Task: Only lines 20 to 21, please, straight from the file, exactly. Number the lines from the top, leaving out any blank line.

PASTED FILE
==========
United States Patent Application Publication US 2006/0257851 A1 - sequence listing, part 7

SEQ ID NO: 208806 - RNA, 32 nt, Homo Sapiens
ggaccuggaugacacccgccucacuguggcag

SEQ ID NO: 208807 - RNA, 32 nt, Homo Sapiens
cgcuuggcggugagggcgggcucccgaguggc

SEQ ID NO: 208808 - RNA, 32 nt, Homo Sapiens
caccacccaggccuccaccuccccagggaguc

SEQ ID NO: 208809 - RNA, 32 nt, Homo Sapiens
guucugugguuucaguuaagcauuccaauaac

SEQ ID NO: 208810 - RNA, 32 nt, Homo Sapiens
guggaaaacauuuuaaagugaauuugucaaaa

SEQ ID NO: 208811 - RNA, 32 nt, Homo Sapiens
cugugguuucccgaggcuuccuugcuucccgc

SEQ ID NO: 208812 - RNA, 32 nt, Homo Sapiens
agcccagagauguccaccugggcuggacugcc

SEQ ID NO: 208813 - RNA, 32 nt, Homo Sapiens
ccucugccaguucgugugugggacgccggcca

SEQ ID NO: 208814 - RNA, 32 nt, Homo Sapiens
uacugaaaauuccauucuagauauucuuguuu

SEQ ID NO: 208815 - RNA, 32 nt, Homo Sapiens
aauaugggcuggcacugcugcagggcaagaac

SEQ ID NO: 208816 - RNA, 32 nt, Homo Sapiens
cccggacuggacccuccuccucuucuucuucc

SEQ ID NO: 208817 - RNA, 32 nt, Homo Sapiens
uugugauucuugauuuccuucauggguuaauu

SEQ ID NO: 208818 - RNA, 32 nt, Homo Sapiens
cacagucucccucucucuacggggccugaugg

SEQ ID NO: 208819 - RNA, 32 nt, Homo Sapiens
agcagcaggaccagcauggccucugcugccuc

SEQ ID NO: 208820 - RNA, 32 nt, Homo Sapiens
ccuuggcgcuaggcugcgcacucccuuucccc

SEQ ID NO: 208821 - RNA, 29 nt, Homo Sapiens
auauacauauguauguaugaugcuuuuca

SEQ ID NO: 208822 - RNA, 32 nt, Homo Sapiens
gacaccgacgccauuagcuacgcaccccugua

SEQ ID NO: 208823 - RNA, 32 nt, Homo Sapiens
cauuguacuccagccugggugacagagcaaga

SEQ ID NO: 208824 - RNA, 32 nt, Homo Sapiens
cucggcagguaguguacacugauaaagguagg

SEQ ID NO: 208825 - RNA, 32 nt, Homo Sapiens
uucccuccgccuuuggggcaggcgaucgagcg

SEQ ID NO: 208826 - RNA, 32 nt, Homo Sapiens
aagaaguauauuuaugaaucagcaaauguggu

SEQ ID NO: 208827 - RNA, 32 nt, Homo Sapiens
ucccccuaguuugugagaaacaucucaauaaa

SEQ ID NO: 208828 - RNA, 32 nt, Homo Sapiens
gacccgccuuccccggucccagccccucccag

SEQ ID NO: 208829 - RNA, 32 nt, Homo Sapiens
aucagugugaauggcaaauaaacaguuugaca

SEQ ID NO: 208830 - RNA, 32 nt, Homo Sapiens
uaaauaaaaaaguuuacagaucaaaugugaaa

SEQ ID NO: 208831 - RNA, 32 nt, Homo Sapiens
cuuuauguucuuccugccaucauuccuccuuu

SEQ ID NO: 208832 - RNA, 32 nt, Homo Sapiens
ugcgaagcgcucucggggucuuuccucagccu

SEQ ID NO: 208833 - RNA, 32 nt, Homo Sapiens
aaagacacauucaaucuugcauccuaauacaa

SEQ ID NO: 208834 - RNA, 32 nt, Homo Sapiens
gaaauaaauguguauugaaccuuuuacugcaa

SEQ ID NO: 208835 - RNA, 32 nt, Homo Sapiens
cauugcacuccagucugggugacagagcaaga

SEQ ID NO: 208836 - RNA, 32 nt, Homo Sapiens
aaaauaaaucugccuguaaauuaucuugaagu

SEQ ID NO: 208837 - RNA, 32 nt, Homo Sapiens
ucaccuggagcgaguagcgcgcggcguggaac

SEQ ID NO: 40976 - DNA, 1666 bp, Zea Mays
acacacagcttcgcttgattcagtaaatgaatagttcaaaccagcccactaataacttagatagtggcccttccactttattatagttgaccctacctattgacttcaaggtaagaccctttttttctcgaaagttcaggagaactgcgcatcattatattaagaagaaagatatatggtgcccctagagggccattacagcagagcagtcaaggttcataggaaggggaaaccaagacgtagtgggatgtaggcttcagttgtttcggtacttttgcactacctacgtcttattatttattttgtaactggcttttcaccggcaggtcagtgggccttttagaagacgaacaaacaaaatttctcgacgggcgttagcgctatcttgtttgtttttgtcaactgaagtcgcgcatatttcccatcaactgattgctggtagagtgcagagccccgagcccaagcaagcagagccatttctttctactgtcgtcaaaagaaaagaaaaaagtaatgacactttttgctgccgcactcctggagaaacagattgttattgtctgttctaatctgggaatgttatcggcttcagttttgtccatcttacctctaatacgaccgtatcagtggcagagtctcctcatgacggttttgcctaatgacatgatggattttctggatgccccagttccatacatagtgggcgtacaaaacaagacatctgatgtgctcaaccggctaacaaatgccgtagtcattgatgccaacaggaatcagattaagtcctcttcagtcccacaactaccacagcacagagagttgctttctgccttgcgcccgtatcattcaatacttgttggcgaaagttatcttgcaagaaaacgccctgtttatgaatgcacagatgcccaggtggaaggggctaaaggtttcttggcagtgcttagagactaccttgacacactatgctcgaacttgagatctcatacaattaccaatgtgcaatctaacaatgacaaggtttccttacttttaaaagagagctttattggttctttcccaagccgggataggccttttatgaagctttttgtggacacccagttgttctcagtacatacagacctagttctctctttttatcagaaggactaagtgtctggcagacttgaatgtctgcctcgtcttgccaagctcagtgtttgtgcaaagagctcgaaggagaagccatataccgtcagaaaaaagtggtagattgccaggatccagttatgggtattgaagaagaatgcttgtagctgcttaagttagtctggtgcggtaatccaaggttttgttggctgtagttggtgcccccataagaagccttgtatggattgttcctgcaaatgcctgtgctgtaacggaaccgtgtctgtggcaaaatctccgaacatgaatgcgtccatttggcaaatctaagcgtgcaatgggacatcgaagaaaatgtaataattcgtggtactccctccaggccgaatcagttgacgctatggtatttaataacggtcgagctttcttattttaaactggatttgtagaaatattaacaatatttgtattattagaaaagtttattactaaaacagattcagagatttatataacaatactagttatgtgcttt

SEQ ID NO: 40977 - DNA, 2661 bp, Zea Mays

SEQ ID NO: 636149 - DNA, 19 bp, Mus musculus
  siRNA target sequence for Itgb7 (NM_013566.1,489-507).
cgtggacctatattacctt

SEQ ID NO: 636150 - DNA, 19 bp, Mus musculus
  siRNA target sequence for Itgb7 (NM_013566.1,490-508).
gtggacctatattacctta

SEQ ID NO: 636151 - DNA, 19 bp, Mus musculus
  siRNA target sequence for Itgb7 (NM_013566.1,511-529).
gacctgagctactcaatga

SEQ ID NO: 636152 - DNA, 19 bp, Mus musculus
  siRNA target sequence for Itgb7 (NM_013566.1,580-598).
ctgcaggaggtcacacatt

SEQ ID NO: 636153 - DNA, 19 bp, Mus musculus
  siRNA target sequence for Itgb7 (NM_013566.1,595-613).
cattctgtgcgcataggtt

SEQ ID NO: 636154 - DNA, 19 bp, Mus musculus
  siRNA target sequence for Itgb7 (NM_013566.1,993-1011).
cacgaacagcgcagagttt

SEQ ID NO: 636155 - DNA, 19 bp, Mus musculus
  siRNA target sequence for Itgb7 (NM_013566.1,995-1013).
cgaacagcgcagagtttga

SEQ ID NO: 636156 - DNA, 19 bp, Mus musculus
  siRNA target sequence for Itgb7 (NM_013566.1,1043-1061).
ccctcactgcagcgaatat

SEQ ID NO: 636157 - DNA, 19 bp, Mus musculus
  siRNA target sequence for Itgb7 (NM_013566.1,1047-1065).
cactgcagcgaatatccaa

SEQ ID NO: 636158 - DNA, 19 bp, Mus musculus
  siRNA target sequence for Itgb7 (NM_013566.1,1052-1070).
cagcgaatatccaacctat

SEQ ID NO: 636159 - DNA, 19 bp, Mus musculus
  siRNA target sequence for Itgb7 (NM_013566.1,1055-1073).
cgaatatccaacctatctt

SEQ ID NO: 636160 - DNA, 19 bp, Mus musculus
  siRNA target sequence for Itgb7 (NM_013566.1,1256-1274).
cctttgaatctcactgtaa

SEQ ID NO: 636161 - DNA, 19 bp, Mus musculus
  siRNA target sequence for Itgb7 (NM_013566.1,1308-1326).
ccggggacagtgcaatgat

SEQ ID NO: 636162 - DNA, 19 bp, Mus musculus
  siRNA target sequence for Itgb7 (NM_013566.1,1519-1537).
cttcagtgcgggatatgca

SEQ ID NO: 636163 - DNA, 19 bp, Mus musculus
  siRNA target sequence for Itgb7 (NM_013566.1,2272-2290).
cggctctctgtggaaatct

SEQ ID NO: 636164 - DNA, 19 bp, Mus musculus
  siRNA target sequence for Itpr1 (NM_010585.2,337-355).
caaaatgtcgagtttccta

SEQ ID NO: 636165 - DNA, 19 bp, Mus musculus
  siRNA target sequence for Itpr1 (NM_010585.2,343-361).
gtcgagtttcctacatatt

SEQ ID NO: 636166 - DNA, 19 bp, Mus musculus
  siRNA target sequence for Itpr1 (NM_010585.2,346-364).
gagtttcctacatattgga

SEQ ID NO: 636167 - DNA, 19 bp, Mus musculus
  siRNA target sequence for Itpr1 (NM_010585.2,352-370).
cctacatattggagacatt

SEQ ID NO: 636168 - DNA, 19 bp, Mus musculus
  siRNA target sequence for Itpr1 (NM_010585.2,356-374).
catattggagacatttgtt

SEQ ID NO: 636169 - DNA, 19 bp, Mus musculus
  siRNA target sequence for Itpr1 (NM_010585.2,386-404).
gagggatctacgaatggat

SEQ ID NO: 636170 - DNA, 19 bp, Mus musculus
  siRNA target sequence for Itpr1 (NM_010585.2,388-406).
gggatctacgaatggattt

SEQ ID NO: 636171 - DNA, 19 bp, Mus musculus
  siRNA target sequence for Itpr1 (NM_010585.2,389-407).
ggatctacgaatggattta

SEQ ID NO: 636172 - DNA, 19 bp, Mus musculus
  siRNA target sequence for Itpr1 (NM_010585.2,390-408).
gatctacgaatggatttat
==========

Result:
SEQ ID NO: 208815 - RNA, 32 nt, Homo Sapiens
aauaugggcuggcacugcugcagggcaagaac